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Dick Enberg departed for England this weekend to meet an old friend, knowing it'll be their last time together.
"Yeah, it will be emotional," Enberg said. "I'm an emotional guy. I'm not afraid to cry."
The old friend leans toward stodgy, well he should after 125 years. Calls himself Wimbledon. You might've heard, tennis is his bag.
Enberg and Wimbledon met in 1979. Strawberries and cream from the start, they were. An ace play-by-play broadcaster, Enberg brought to The All England Lawn Tennis Club a storyteller's eye and an American sound but also command of the King's English.
Back then, boys and girls, tennis -- stuffy old tennis -- held its ground against the bullies on America's sports-scape. Americans cared as much about tennis stars John McEnroe and Chris Evert as they did, say, football's Joe Montana, baseball's Mike Schmidt or the Ricky Bobbys of NASCAR.
Enberg was part of the sell. As NBC's voice at Wimbledon, he and sidekick Bud Collins made tennis seem like great theater.
At tournament's end, Enberg brought it all home for us with video essays, some of them Emmy winners. Americans would never watch a morning tennis show. Except they did, watching Breakfast at Wimbledon, hosted by Enberg and friends.
He got more than he gave, he said last week. All those fortnights at Wimbledon stuffed him with enough memories to fill a Ken Burns documentary.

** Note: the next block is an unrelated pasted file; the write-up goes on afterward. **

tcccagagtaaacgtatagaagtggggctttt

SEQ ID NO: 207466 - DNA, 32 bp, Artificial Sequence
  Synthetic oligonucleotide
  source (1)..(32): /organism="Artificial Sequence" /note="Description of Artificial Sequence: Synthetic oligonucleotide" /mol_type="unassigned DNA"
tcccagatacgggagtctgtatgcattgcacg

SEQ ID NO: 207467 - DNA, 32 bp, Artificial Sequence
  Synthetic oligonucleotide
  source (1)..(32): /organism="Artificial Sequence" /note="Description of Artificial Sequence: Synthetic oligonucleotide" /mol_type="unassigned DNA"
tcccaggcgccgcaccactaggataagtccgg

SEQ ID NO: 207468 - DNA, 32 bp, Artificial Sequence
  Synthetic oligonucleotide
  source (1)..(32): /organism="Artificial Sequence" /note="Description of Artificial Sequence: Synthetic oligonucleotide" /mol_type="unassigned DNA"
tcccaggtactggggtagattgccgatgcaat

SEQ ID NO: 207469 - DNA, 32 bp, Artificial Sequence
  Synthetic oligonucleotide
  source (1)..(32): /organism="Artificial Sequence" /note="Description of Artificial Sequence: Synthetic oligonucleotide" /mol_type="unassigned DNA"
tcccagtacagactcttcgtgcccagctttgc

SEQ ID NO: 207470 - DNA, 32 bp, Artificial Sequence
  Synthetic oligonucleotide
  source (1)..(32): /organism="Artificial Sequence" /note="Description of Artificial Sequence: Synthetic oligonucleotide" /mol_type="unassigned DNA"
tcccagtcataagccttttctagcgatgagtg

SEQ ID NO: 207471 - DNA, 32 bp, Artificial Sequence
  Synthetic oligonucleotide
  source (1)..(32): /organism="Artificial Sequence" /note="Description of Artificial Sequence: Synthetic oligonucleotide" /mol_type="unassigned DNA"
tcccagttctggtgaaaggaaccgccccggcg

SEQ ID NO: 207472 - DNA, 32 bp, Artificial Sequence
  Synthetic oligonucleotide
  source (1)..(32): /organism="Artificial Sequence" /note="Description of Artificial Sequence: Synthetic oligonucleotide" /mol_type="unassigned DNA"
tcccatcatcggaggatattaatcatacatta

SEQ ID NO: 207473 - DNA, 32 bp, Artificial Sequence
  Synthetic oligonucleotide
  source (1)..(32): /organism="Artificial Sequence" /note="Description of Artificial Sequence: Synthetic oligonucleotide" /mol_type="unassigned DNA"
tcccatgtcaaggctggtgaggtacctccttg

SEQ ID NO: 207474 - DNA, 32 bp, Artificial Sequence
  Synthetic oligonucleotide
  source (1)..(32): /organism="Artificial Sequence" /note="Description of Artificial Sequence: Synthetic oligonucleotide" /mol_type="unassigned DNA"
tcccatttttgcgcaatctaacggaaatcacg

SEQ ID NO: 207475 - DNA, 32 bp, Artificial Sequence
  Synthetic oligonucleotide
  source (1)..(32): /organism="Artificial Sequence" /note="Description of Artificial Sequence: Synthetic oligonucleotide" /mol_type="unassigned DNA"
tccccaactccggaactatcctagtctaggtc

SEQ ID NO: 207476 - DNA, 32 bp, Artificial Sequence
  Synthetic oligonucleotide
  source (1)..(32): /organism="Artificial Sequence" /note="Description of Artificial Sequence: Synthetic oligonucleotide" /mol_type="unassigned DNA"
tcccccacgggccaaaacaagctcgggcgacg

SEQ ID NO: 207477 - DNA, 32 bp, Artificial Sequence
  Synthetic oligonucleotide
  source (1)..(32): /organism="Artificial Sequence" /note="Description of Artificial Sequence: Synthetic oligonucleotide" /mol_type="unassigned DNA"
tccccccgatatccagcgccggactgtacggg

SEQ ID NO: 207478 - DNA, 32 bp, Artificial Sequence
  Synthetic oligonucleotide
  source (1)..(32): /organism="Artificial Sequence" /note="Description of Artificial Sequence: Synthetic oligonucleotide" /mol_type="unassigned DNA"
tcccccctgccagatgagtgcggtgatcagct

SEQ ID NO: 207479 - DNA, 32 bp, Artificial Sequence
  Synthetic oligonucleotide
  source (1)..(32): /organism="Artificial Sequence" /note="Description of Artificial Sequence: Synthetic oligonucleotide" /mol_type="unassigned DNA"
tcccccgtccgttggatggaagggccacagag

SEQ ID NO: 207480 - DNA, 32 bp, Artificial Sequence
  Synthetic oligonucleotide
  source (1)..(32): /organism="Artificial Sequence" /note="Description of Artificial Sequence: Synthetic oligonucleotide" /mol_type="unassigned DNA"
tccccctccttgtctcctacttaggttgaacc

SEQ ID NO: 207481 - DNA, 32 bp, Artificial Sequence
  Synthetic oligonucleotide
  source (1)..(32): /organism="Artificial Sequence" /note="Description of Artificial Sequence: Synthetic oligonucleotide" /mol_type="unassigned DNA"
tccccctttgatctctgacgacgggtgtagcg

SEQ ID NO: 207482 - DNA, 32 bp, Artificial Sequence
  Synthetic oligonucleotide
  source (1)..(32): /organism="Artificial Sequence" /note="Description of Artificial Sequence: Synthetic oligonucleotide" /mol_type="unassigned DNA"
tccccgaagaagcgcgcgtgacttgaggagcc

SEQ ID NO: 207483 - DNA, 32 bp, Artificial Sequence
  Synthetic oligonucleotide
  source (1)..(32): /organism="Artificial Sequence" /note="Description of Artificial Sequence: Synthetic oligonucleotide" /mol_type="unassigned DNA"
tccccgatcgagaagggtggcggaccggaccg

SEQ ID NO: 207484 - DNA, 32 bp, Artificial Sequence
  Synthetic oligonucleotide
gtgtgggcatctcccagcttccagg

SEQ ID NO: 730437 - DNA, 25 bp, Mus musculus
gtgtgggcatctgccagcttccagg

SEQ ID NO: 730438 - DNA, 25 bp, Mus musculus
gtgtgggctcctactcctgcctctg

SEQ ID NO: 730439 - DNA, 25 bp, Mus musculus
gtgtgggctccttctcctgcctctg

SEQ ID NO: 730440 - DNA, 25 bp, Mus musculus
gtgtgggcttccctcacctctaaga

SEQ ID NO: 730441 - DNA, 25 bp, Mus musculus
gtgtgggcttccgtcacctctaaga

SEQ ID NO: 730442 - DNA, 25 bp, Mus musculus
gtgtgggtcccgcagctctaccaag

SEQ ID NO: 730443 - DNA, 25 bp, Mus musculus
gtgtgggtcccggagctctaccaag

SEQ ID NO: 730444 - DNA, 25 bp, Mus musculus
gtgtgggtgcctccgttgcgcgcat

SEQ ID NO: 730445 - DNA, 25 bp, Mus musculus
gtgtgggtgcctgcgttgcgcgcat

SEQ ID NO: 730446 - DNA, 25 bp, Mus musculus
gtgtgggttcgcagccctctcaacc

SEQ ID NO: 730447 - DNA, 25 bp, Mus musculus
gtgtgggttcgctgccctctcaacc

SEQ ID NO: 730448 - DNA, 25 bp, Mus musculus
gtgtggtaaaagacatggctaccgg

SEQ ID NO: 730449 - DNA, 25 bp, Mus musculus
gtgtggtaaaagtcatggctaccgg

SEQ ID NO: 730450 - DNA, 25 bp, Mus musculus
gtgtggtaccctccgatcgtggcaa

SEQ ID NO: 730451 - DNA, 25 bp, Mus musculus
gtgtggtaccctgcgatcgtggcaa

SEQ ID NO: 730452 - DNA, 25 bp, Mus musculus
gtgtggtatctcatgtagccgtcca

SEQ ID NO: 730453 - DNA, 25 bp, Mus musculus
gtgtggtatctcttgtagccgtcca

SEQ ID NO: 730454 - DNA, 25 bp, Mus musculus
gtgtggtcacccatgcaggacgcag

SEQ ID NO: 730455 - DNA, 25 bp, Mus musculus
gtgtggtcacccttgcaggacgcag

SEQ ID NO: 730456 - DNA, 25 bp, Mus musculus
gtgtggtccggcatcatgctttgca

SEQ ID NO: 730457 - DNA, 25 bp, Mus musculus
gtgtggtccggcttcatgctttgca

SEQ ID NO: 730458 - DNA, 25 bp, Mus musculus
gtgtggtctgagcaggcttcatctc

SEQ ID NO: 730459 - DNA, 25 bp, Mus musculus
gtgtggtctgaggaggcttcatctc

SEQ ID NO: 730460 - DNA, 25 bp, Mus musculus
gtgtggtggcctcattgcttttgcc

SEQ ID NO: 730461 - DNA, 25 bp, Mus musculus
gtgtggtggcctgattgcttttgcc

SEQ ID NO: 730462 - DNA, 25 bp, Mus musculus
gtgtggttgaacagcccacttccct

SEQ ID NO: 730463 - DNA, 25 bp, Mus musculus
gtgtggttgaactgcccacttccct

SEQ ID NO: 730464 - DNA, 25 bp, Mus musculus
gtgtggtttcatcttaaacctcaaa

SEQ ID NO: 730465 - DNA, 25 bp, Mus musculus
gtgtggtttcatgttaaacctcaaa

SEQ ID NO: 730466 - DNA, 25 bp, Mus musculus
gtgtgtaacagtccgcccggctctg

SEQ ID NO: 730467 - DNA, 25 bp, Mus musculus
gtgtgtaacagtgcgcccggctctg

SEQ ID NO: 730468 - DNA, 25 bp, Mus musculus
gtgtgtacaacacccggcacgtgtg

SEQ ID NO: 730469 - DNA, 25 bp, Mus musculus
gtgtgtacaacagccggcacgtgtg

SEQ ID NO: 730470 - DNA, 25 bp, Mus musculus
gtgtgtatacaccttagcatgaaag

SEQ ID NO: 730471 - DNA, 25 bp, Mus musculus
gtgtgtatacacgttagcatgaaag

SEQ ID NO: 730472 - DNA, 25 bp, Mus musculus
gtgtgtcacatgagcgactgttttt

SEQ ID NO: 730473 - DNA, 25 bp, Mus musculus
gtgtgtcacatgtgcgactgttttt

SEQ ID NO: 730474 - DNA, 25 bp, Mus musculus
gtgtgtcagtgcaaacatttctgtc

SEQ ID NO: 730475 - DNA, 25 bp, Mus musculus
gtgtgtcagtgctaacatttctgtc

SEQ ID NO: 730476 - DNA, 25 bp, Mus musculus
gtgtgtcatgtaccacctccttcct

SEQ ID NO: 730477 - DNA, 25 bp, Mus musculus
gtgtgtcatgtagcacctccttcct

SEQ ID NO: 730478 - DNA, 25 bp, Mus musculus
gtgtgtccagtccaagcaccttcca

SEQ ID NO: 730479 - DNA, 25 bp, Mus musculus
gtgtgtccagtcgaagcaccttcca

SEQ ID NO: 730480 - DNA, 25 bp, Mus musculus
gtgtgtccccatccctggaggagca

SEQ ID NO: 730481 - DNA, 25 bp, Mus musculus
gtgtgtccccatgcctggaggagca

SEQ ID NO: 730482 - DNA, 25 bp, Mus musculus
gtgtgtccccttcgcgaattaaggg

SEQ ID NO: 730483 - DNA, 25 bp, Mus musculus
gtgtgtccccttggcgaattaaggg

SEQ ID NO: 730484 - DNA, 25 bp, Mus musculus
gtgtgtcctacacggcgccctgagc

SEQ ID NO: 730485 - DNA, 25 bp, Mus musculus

But as the Californian recounted his favorites, he mentioned no aces skittering across Wimbledon's tight-cut grass.
Only the human moments re-surfaced.
Such as Czech star Jana Novotna "blubbering on the Duchess of Kent's white silk suit" after losing in the '93 final.
Such as any match between Evert, the American girl next door, and Martina Navritalova, the mysterious Czech.
Such as Pat Cash, the men's winner in 1987, "climbing up into the stands over our broadcast booth to hug his rugged, Aussie Rules father, whom we'd been taking shots of throughout the match. He had his cap askew, a real tough-looking guy, and they embraced."
Enberg cried as he narrated the Cash scene. "I'd lost my father somewhat recently to that, and I'm sitting there tears rolling down my cheeks," he said.
Now 76, he goes to Wimbledon this final time with his career in late autumn, the sports falling like brown leaves. He gave up football and golf last year. Later this summer at the U.S. Open, he'll finish with tennis. Baseball, his favorite sport, he'll retain through next year or longer, working as the TV play-by-play man of his hometown San Diego Padres.
Today he'll start his final Wimbledon, broadcasting for ESPN. Should he well up in two weeks while he narrates his sendoff, he need only visualize the great British comedic actor John Cleese in drag, screaming at him, as if Enberg were dropped into a Monty Python skit.
Enberg lived something similar many summers ago.
Scene: Enberg works in his small booth at Centre Court as a match unfolds. As instructed, he narrates highlights of another match on his TV screen. But his booming voice, too strong for the booth's thin glass to contain, reaches spectators nearby.
"All of a sudden this beautiful woman in her 70s," Enberg said, smiling, "is pounding on the glass and screaming while I'm calling the match."
She exceeds Enberg's decibel level. "You men are RUDE," she tells Enberg and his colleague. "You men are making too much noise; it makes no sense; I don't know what you're doing; and I'm reporting you to security."
He laughed at the memory. "Here I am on national TV and this poor woman is pounding on the glass and yelling at us."
Photo: Spakhrin, Creative Commons 2.0.